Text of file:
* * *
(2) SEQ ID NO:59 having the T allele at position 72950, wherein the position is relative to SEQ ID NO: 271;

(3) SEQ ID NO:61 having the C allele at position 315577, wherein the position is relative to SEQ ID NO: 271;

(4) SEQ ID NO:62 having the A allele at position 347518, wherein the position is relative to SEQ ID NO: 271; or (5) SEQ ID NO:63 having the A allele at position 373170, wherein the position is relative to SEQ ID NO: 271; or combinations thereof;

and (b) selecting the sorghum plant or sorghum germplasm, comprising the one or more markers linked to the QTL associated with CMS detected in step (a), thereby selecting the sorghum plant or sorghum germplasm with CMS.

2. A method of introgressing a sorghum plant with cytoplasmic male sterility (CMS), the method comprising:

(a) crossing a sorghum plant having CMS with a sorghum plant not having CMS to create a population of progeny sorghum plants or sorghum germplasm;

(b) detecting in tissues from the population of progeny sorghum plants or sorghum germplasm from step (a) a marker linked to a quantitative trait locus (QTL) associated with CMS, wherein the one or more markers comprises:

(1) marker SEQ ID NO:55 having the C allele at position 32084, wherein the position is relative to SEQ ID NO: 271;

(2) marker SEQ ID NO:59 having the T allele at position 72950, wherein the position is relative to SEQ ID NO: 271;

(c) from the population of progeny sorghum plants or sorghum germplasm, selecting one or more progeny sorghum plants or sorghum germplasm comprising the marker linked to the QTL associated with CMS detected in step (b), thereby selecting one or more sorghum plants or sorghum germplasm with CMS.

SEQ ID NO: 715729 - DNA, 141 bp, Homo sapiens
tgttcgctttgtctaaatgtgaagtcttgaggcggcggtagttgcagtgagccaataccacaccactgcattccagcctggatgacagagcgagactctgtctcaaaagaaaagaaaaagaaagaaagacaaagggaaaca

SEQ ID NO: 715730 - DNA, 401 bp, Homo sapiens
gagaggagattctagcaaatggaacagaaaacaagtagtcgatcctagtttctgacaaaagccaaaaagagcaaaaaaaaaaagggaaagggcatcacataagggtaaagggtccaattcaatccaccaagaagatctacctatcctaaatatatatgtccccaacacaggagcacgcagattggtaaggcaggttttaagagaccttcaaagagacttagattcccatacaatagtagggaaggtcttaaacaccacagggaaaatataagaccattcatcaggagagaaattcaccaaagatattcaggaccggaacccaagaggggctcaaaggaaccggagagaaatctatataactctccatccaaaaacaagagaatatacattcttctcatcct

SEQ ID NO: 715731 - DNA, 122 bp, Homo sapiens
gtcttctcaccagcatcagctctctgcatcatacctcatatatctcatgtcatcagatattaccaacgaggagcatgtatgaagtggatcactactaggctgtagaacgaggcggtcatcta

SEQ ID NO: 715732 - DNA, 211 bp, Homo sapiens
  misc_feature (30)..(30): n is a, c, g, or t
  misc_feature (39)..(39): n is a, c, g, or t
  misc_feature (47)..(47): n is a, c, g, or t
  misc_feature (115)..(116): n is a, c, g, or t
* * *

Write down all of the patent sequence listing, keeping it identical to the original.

(2) SEQ ID NO:59 having the T allele at position 72950, wherein the position is relative to SEQ ID NO: 271;

(3) SEQ ID NO:61 having the C allele at position 315577, wherein the position is relative to SEQ ID NO: 271;

(4) SEQ ID NO:62 having the A allele at position 347518, wherein the position is relative to SEQ ID NO: 271; or (5) SEQ ID NO:63 having the A allele at position 373170, wherein the position is relative to SEQ ID NO: 271; or combinations thereof;

and (b) selecting the sorghum plant or sorghum germplasm, comprising the one or more markers linked to the QTL associated with CMS detected in step (a), thereby selecting the sorghum plant or sorghum germplasm with CMS.

2. A method of introgressing a sorghum plant with cytoplasmic male sterility (CMS), the method comprising:

(a) crossing a sorghum plant having CMS with a sorghum plant not having CMS to create a population of progeny sorghum plants or sorghum germplasm;

(b) detecting in tissues from the population of progeny sorghum plants or sorghum germplasm from step (a) a marker linked to a quantitative trait locus (QTL) associated with CMS, wherein the one or more markers comprises:

(1) marker SEQ ID NO:55 having the C allele at position 32084, wherein the position is relative to SEQ ID NO: 271;

(2) marker SEQ ID NO:59 having the T allele at position 72950, wherein the position is relative to SEQ ID NO: 271;

(c) from the population of progeny sorghum plants or sorghum germplasm, selecting one or more progeny sorghum plants or sorghum germplasm comprising the marker linked to the QTL associated with CMS detected in step (b), thereby selecting one or more sorghum plants or sorghum germplasm with CMS.

SEQ ID NO: 715729 - DNA, 141 bp, Homo sapiens
tgttcgctttgtctaaatgtgaagtcttgaggcggcggtagttgcagtgagccaataccacaccactgcattccagcctggatgacagagcgagactctgtctcaaaagaaaagaaaaagaaagaaagacaaagggaaaca

SEQ ID NO: 715730 - DNA, 401 bp, Homo sapiens
gagaggagattctagcaaatggaacagaaaacaagtagtcgatcctagtttctgacaaaagccaaaaagagcaaaaaaaaaaagggaaagggcatcacataagggtaaagggtccaattcaatccaccaagaagatctacctatcctaaatatatatgtccccaacacaggagcacgcagattggtaaggcaggttttaagagaccttcaaagagacttagattcccatacaatagtagggaaggtcttaaacaccacagggaaaatataagaccattcatcaggagagaaattcaccaaagatattcaggaccggaacccaagaggggctcaaaggaaccggagagaaatctatataactctccatccaaaaacaagagaatatacattcttctcatcct

SEQ ID NO: 715731 - DNA, 122 bp, Homo sapiens
gtcttctcaccagcatcagctctctgcatcatacctcatatatctcatgtcatcagatattaccaacgaggagcatgtatgaagtggatcactactaggctgtagaacgaggcggtcatcta

SEQ ID NO: 715732 - DNA, 211 bp, Homo sapiens
  misc_feature (30)..(30): n is a, c, g, or t
  misc_feature (39)..(39): n is a, c, g, or t
  misc_feature (47)..(47): n is a, c, g, or t
  misc_feature (115)..(116): n is a, c, g, or t